A Brazilian court ruled Wednesday that former President Jair Bolsonaro has five days to hand over expensive jewelry he received as a gift from Saudi Arabia, and ordered an inspection of all official gifts during his presidency.
The Federal Court of Accounts (TCU), which oversees the government’s treasury, also ordered the former far-right army captain to hand over two pistols he received as a gift from the United Arab Emirates in 2019 to the presidential palace collection.
Under Brazilian law, public officials can only keep “extremely personal and minimal monetary gifts,” court president Bruno Dantas said at a public hearing, giving Bolsonaro “five days to return all items related to this case.” … the legal owner, the presidential palace.”
The unanimous court ruling is the latest chapter in the drama that has dominated Brazil’s headlines since allegations emerged earlier this month that Bolsonaro tried to illegally import millions of dollars worth of jewelry he and his wife received from Saudi Arabia.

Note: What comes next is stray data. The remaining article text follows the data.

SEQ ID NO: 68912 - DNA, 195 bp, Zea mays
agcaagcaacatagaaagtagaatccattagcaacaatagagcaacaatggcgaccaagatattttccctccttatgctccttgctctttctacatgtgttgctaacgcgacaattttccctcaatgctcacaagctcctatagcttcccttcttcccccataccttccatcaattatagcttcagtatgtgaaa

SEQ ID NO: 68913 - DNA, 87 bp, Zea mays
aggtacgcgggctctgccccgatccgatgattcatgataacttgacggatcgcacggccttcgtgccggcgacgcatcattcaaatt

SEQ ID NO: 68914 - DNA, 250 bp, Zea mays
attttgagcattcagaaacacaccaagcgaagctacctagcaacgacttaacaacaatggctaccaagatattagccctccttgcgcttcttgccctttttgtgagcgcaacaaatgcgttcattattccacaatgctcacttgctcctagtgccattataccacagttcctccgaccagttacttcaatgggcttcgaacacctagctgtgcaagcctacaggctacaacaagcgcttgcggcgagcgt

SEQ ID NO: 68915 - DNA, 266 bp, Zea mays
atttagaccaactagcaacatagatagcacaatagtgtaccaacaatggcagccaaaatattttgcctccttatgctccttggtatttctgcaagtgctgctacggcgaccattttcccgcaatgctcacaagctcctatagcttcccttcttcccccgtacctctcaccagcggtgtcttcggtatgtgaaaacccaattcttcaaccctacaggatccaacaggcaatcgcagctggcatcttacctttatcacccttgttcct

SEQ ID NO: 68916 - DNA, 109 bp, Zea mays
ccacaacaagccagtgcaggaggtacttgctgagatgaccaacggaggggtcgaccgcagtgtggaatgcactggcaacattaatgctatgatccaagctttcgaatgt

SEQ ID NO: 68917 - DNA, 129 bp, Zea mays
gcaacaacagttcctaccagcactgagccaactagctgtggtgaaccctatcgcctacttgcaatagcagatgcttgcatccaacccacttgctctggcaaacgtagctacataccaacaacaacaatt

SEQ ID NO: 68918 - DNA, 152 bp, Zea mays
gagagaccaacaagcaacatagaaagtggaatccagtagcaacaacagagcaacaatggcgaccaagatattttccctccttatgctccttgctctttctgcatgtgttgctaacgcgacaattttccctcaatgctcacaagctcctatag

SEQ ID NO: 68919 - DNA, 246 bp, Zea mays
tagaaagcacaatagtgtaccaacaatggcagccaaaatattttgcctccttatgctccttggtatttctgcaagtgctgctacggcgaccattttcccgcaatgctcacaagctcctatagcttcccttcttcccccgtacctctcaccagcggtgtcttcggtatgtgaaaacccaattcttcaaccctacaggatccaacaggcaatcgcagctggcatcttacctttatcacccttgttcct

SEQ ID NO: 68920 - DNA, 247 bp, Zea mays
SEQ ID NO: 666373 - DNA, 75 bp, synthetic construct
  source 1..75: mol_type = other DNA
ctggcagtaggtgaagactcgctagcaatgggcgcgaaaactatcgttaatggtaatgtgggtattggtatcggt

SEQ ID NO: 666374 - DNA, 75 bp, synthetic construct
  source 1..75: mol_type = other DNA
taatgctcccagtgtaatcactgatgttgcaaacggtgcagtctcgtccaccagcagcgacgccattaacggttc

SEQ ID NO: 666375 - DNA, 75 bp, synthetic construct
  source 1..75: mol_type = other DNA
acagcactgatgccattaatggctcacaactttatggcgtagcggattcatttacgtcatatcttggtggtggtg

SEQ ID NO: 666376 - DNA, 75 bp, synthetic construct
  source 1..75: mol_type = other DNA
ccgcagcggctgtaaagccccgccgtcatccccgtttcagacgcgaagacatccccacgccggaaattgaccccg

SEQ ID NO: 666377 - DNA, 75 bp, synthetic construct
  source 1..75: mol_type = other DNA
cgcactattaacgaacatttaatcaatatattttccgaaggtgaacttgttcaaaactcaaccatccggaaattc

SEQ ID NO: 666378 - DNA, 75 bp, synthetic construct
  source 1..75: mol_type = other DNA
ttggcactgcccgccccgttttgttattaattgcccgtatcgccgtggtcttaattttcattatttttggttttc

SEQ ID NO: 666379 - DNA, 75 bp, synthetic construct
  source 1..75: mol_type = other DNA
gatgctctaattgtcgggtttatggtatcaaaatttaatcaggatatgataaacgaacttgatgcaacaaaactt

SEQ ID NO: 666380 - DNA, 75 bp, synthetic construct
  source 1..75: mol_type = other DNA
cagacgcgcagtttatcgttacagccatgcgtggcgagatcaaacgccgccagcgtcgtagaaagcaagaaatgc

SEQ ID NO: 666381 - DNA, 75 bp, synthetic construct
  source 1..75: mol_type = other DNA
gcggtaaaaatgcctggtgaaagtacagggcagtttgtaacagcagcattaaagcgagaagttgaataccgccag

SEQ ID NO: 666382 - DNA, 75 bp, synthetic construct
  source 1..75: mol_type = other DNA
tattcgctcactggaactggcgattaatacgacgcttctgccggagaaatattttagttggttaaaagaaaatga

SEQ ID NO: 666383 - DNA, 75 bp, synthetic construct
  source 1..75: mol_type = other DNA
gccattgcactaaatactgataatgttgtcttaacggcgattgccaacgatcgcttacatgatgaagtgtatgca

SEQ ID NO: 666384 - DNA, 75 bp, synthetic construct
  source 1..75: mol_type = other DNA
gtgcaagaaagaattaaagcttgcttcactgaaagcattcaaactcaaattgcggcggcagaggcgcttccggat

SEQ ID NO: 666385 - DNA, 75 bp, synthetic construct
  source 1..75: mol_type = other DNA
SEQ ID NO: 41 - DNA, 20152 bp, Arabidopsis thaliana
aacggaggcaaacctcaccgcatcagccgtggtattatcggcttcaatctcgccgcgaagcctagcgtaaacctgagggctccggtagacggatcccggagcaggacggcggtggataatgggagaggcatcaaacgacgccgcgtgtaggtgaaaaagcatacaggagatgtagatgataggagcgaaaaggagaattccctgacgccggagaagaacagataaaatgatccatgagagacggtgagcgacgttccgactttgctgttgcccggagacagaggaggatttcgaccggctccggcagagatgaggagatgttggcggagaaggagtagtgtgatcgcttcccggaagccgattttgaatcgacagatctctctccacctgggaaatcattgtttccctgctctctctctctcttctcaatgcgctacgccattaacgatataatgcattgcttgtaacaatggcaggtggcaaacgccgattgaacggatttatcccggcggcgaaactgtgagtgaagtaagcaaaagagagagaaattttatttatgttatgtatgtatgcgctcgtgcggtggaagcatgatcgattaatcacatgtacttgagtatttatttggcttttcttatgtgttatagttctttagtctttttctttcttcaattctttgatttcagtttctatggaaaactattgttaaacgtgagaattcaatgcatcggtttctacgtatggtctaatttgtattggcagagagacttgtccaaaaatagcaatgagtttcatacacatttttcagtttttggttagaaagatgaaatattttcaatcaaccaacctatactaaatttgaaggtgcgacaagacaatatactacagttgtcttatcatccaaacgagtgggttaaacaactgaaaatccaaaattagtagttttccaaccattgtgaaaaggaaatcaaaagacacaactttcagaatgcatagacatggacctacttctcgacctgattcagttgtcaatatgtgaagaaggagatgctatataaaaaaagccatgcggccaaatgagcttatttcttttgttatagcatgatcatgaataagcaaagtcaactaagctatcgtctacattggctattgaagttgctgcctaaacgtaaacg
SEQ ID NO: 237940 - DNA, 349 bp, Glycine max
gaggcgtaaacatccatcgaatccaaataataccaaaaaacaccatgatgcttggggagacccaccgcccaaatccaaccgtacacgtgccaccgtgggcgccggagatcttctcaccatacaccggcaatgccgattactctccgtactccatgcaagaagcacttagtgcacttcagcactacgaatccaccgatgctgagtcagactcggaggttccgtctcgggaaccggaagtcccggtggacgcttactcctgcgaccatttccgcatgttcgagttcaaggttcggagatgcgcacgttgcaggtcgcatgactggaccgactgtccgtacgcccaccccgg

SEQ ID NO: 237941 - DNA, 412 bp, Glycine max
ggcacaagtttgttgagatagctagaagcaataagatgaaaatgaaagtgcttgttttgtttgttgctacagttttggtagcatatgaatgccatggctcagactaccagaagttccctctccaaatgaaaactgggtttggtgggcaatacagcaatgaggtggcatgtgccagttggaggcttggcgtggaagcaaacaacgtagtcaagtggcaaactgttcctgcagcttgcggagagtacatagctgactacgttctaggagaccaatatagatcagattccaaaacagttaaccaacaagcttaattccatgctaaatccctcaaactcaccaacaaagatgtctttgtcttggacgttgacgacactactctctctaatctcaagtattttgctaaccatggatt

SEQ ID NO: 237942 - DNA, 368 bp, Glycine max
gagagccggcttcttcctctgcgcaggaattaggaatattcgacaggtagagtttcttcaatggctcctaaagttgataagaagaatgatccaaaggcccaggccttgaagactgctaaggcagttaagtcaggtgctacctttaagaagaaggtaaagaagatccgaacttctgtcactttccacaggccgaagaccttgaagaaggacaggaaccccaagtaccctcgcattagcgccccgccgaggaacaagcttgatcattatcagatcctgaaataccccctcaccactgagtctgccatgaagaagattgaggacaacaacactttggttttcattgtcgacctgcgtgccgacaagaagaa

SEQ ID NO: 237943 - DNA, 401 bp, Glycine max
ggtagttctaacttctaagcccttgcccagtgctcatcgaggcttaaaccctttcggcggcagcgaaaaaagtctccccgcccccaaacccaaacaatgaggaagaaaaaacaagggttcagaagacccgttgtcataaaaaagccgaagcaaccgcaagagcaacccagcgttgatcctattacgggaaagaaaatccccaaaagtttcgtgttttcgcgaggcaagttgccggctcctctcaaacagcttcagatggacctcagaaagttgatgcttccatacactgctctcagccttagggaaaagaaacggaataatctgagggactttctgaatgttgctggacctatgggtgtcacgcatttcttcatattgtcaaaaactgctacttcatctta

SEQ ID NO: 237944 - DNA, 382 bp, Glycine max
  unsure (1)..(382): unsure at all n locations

The episode has turned into a legal and political headache for the former president, who is currently in the United States and is expected to return to Brazil soon, hoping to steer the opposition towards his leftist successor, Luiz Inacio Lula da Silva.
Bolsonaro, who denies any wrongdoing, had offered through lawyers to surrender the jewelry to authorities pending the outcome of the investigation.
The scandal erupted when the Estado de Sao Paulo newspaper reported that customs officials had caught Bolsonaro’s assistant minister of mines and energy trying to enter Brazil with a backpack containing diamond jewelry from Swiss luxury brand Chopard after an official visit to Saudi Arabia in October 2021.
Bolsonaro was later found to have kept a second set of jewelry, also from Chopard, that slipped into Brazil unnoticed after the same trip.
Travelers entering Brazil with goods worth more than $1,000 must declare them and pay significant import taxes.
The media report that the cost of jewelry for the first collection is 3.2 million dollars, and for the second – at least 75 thousand dollars.
They could also enter Brazil tax-free as an official gift from the nation. But then they would belong to the presidential palace collection, not the first family.
(Except for the headline, this story was not edited by NDTV staff and was published from a syndicated feed.)